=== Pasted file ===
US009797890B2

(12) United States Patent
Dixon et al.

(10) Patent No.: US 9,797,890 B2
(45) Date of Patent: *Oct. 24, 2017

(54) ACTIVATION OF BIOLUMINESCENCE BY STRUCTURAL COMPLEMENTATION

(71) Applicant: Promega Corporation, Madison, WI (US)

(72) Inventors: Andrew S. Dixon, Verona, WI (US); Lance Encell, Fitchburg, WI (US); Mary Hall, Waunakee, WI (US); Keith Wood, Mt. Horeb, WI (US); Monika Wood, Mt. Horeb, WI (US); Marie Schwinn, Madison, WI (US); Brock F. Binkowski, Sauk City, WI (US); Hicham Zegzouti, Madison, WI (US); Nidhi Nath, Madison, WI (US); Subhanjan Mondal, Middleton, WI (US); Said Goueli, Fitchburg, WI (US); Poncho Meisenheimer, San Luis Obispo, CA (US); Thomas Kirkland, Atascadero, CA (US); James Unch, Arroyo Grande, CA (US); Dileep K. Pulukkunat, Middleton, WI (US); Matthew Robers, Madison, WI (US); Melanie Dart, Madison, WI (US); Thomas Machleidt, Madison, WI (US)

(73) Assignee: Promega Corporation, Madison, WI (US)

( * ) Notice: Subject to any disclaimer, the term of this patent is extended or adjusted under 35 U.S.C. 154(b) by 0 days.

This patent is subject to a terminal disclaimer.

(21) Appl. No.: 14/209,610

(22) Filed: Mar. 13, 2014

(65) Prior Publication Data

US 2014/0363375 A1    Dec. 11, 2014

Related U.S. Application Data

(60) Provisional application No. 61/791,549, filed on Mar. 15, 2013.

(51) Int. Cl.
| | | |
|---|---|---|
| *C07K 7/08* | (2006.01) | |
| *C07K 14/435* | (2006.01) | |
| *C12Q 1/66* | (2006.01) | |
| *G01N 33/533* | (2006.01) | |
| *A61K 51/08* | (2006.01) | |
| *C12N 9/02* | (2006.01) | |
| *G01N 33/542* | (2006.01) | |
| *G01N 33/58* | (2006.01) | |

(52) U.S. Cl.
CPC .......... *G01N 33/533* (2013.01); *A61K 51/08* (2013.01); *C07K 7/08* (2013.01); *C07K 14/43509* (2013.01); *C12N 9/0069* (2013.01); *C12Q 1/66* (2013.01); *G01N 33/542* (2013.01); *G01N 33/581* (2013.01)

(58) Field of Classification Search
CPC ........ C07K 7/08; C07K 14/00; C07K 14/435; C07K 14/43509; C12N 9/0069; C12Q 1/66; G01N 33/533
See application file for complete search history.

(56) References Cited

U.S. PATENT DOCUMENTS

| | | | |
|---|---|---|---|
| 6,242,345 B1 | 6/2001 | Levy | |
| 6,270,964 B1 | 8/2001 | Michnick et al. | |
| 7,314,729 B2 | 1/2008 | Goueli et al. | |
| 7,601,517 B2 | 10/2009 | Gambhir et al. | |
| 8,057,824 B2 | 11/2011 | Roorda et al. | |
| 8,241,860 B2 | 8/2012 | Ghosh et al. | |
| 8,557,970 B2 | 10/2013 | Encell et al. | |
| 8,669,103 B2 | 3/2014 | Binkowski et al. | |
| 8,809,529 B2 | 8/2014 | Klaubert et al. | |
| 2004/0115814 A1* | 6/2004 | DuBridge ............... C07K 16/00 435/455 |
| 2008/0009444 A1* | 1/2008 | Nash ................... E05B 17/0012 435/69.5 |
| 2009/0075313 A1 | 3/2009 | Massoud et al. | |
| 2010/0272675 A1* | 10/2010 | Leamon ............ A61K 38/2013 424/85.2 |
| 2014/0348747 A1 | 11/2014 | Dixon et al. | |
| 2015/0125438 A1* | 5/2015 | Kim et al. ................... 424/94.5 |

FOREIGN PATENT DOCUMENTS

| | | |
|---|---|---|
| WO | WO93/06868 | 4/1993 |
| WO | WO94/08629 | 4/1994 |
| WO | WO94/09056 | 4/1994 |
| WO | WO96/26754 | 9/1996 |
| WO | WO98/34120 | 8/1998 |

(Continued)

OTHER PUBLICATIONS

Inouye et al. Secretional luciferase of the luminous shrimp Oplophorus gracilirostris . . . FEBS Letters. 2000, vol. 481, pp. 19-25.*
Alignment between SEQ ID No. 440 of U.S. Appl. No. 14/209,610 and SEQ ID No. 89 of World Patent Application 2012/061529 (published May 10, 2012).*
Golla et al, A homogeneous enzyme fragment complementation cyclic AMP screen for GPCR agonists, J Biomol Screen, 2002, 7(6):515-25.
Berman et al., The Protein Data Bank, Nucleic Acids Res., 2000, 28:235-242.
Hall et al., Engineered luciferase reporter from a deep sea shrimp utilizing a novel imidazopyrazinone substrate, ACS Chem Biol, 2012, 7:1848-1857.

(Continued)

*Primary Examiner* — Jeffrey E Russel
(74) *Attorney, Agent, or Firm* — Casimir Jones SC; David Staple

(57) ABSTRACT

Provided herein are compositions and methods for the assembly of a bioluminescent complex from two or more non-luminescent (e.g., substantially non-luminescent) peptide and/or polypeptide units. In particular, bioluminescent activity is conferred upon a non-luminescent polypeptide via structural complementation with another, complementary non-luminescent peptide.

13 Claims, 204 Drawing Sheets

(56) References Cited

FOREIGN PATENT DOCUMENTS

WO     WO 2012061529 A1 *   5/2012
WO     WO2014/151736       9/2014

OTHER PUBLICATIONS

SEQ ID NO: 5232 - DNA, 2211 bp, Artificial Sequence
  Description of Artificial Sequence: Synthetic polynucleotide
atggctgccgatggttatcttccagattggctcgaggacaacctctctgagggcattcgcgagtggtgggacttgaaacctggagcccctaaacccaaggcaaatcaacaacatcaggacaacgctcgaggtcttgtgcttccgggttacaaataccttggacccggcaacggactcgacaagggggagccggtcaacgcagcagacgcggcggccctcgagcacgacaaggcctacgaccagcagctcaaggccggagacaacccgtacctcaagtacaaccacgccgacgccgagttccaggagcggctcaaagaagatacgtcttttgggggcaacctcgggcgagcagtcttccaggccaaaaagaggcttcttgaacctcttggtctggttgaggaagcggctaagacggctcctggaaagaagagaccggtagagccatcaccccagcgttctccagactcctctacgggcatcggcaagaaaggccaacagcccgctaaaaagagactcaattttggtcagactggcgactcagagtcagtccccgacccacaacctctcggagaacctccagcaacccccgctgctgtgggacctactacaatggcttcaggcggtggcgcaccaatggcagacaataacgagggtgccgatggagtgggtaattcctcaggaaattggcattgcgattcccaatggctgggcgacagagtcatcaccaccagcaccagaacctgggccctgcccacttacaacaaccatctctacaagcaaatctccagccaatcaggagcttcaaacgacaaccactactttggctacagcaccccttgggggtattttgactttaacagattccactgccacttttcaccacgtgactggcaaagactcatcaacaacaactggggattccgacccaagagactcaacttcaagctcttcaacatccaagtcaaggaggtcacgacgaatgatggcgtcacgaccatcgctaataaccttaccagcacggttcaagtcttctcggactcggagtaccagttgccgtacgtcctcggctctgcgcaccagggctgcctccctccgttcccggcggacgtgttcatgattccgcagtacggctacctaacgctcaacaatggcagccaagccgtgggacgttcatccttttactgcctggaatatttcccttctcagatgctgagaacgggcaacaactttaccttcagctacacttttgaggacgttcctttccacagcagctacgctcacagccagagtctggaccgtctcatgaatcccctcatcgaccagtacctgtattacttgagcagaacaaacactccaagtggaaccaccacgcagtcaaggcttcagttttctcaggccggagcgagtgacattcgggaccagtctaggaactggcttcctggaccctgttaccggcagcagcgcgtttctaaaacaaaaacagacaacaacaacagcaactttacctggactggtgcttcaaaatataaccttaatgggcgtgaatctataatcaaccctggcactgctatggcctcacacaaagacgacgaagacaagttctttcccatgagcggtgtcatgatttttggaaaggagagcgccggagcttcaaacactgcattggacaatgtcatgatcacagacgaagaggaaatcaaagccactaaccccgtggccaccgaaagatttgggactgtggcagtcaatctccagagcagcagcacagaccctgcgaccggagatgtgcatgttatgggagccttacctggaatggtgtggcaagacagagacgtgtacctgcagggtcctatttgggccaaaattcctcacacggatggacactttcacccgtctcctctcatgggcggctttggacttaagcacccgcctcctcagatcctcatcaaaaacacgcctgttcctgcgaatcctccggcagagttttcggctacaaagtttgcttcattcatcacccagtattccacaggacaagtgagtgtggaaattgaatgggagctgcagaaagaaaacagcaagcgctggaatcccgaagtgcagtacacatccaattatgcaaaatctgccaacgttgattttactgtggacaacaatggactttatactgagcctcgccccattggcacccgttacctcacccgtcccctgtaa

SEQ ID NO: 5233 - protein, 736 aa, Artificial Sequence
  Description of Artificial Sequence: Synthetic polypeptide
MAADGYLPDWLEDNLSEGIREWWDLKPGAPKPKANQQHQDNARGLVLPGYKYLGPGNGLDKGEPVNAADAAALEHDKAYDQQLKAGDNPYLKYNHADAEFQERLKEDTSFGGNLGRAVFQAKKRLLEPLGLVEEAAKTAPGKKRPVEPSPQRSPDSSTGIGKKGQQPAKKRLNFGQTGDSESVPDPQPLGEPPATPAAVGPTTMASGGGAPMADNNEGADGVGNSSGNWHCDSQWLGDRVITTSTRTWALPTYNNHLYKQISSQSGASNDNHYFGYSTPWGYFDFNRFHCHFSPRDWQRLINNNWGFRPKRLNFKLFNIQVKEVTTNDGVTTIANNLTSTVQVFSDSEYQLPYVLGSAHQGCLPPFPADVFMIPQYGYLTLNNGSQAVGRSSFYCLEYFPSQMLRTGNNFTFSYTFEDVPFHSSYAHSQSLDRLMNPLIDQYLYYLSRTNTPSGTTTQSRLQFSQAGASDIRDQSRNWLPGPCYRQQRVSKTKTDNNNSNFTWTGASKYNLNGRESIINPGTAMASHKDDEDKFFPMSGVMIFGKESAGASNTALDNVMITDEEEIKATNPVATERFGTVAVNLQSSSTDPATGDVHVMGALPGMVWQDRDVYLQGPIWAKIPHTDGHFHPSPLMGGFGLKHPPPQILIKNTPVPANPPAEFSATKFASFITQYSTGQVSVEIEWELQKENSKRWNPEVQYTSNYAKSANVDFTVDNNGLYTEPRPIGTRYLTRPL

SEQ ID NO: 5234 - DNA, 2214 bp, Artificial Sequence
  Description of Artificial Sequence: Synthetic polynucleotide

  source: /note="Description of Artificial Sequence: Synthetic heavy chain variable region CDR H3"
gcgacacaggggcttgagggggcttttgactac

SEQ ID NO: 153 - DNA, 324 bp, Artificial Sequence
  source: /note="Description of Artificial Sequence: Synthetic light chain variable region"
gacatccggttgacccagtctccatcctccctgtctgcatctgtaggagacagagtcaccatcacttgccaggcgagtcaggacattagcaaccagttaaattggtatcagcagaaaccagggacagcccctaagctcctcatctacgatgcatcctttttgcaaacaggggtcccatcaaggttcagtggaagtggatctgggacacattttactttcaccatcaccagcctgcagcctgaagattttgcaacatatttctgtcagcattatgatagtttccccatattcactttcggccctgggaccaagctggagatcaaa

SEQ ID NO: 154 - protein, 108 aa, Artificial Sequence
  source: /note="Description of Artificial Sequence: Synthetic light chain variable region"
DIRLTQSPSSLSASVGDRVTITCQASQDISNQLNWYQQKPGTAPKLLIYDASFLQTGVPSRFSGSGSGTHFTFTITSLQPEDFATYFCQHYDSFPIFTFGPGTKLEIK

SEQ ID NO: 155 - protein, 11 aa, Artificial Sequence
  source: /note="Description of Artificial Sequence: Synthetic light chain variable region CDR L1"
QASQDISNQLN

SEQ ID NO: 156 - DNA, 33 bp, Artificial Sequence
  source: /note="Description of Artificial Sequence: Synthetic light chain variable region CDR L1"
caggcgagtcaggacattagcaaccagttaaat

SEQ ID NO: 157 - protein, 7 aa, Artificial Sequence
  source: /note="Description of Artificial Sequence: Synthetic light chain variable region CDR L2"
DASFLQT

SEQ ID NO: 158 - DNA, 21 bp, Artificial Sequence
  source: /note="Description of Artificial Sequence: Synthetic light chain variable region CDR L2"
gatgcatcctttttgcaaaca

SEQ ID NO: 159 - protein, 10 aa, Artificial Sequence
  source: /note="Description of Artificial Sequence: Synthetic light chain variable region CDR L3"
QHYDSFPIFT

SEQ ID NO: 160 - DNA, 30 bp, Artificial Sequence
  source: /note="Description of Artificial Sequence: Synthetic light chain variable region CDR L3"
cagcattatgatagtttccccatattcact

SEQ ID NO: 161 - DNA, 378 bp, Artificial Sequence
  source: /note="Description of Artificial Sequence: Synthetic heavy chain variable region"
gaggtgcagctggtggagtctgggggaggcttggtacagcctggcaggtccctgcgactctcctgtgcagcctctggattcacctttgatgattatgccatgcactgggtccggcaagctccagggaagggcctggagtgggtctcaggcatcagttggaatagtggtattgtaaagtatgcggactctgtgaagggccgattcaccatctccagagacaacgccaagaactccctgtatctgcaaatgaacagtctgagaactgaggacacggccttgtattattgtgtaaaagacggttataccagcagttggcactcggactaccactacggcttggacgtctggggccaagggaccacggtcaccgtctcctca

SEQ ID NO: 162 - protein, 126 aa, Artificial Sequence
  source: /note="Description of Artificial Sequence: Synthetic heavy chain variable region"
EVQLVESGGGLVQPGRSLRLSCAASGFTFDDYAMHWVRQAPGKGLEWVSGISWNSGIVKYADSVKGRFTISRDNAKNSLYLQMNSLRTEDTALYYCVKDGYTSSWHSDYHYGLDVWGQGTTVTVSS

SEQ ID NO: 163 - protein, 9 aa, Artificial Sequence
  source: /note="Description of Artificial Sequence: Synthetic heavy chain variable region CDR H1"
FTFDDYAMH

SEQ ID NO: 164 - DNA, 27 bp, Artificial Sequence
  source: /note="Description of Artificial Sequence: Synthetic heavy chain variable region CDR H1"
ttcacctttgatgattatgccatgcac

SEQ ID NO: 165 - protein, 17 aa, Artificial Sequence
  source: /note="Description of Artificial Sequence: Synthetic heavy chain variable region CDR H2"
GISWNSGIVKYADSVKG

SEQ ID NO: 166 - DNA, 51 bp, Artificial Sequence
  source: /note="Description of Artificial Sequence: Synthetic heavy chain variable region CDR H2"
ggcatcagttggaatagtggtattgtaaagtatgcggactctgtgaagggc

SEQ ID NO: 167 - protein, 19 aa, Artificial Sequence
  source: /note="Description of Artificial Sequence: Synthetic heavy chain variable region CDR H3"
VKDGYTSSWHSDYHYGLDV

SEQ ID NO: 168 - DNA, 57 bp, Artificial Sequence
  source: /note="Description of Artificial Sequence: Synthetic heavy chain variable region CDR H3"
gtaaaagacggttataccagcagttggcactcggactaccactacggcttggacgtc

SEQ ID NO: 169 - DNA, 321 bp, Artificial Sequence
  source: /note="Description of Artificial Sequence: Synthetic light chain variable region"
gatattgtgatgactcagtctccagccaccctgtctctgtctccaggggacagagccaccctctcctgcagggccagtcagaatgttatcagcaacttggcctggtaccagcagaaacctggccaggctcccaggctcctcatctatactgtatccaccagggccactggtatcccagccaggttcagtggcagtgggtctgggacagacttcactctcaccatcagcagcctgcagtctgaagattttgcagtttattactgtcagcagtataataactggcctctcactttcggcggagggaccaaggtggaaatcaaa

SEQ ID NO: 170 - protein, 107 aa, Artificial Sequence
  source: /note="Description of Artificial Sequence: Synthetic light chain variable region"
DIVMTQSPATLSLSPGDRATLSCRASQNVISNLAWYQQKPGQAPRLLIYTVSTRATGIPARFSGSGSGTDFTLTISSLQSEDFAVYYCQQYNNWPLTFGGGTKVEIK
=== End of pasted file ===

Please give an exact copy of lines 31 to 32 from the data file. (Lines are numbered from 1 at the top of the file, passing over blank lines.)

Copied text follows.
(58) Field of Classification Search
CPC ........ C07K 7/08; C07K 14/00; C07K 14/435; C07K 14/43509; C12N 9/0069; C12Q 1/66; G01N 33/533